Dame Jane Francis is a remarkable-sounding woman, Director of the British Antarctic Survey and Professor of Palaeoclimatology, she was on the radio the other day to discuss the topical subject of self isolation. In her work, she explained, she can spend weeks on research expeditions in the Arctic and Antarctic, in tents, sometimes with only one other person for company. It provides a chance to slow down, she said, gain perspective – and to catch up on those fat books that you haven’t been able to get into.
Ah. We all have one or a few of those, don’t we? A book, dauntingly fat or not, that we’ve been able to make little progress with. Often a novel that everyone else is raving about as it garners glowing reviews, or else a classic work of great distinction. Everyone’s talking about Hilary Mantel’s The Mirror and the Light, sequel to Man Booker-prize Bringing up the Bodies, in its turn the follow up to Booker-prize winning Wolf Hall… The Wolf Hall, that has sat, fatly, on my shelf for—well, it must be years. No. Can’t get into it.
It didn’t hit me until my thirties. I think it came with children, the distraction of them, the need to be alert for them, less sleep. Less time of course. I have remained ‘a reader’, you might say, but a more skittish one, more likely to pick up books and put them back down again, more in need of light, popular reads to intersperse with the ‘heavyweights’. More prone to reader’s block.
I haven’t really had wholesale reader’s block, the inability to become absorbed in any extended text, but there have been times when I’ve experienced the serial inability to find a book to settle into. I mean okay, give up on the occasional book, by all means—life is short. But there is also a reward in persistence, surely. It is commonly accepted that good literature is meant to be challenging as well as compelling—in the sense that it is more than a passive diversion.
Distraction aside, I think it’s also the sheer volume (pun intended) of choice that makes it hard to settle on one book. In 1450, shortly before William Caxton introduced the printing press to England, one of the richest men and biggest landowners in the country, Sir John Falstof, was said to own a personal ‘library’ of nineteen books. These precious manuscripts would have been written, and painstakingly illustrated, by hand. UNESCO keep data on books published by country, and it estimates that 2.2 million new titles are published worldwide each year – though those data are somewhat out of date, being largely from 2013.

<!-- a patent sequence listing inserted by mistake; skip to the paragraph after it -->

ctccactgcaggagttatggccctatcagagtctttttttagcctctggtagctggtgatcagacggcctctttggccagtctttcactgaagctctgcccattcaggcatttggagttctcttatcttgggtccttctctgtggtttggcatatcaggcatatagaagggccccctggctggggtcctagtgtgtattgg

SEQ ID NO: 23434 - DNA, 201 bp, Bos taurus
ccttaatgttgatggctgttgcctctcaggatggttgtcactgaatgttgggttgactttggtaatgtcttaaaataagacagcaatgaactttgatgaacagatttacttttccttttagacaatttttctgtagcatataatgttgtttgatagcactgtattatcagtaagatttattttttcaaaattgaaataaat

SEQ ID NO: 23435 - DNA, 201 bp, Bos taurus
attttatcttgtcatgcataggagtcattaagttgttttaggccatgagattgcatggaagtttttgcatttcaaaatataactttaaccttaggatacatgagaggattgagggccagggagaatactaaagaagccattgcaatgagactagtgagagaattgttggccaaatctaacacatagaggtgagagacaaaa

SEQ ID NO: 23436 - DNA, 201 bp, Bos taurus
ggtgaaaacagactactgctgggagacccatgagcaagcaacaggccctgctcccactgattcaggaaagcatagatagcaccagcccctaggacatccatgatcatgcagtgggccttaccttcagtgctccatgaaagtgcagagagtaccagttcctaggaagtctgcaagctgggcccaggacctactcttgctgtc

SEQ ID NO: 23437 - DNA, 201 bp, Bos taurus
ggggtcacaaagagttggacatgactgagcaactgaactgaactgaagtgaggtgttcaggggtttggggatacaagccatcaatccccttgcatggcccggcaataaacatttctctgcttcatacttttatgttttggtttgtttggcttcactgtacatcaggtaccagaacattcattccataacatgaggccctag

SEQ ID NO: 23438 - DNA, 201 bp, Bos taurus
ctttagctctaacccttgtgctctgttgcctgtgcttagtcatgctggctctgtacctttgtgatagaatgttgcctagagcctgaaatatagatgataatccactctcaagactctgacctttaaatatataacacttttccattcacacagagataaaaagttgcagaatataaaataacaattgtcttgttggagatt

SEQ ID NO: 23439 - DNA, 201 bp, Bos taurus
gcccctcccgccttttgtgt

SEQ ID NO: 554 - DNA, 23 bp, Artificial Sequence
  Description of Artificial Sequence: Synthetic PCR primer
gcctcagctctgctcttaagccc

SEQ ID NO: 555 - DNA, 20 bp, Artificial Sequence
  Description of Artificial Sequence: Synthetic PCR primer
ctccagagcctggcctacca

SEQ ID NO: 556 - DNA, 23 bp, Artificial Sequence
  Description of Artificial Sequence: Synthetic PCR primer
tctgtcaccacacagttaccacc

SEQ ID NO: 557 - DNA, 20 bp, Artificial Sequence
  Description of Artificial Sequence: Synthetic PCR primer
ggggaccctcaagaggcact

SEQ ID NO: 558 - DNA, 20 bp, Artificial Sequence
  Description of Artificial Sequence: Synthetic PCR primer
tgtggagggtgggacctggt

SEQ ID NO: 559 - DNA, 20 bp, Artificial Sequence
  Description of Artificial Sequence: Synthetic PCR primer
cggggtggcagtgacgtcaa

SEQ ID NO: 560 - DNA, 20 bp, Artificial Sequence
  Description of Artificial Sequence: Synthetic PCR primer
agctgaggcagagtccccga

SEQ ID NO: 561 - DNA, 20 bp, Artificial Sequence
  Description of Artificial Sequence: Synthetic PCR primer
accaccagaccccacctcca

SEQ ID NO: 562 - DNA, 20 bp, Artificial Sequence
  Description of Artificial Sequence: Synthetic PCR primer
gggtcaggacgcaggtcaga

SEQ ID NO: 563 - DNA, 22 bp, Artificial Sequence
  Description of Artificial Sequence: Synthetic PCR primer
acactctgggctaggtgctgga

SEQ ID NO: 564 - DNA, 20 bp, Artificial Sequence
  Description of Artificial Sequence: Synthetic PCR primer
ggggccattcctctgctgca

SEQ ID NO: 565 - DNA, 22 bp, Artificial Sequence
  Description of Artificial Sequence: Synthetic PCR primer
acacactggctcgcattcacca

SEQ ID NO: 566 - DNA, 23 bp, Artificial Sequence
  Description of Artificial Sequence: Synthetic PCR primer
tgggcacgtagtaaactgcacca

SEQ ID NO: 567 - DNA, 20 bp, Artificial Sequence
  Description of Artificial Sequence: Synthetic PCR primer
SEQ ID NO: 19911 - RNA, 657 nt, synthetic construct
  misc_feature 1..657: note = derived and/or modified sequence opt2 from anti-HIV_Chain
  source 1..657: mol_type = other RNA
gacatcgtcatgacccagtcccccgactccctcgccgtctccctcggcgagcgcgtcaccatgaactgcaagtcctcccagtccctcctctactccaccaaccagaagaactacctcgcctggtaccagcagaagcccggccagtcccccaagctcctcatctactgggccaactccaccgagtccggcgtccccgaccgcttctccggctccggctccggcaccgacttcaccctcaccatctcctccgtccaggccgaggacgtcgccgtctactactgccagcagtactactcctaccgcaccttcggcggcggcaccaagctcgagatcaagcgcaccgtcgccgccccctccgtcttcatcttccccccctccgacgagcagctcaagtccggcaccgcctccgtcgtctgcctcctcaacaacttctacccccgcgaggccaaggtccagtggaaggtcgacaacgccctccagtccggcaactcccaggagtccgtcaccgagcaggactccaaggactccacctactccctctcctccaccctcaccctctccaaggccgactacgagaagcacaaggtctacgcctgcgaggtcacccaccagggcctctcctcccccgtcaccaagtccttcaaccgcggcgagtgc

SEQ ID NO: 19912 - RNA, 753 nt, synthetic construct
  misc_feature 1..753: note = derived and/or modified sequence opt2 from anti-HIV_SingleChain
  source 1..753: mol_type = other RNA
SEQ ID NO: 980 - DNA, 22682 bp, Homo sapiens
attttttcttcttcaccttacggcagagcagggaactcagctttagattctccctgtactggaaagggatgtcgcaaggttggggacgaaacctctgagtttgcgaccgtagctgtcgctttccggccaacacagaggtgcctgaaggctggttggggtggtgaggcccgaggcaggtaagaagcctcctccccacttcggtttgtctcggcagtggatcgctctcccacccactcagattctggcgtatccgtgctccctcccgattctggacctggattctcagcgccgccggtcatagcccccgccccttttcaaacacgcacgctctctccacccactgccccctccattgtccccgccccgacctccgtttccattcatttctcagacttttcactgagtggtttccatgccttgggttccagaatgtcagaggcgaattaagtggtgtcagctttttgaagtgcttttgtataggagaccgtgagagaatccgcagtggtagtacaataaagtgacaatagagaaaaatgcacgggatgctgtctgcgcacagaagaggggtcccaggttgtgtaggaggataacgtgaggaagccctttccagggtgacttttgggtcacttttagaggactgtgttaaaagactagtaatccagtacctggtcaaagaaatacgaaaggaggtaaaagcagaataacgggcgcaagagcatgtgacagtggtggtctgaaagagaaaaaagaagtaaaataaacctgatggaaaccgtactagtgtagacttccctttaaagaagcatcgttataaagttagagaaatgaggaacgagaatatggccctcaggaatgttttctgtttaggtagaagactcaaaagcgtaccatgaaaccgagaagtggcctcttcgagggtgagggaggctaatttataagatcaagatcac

And it’s so hard to choose. We’ve become more reliant on book reviewing. Reviews used to be something we read in the Sunday papers, penned by venerable literary types. Now we have Amazon reviews, Goodreads, Barnes & Noble, literary blogs… All to help us in the agony of decision.
Canadian philosopher Marshall McLuhan’s recommended trick was to open a book at page 69 and read that, rather than relying on the opening page. If you liked what you read, then try the whole book. Whether that works for you or not, it’s interesting that it is something e-Books have taken away. We can download or take a peek at the early pages of online reads, but not browse through the whole thing. It’s not just reading eBooks that has removed this ability to peruse but simply buying online, too.
Come to think of it, anecdotally, I think I am more likely to abandon books on my eReader than those printed on paper. Maybe that is my antidote? Give up the reader for a while and be ‘paper exclusive’.
In fact, I am glancing now at page 69 of Wolf Hall… Cardinal Wolsey spars with Thomas Boleyn. I like the line ‘Boleyn turns in a sweep of dark silks…’ Mantel’s descriptive powers are wonderful. Maybe I will…
And maybe soon, many of us will be in self isolation, with more time on our hands than we had wanted, after all. Stay safe.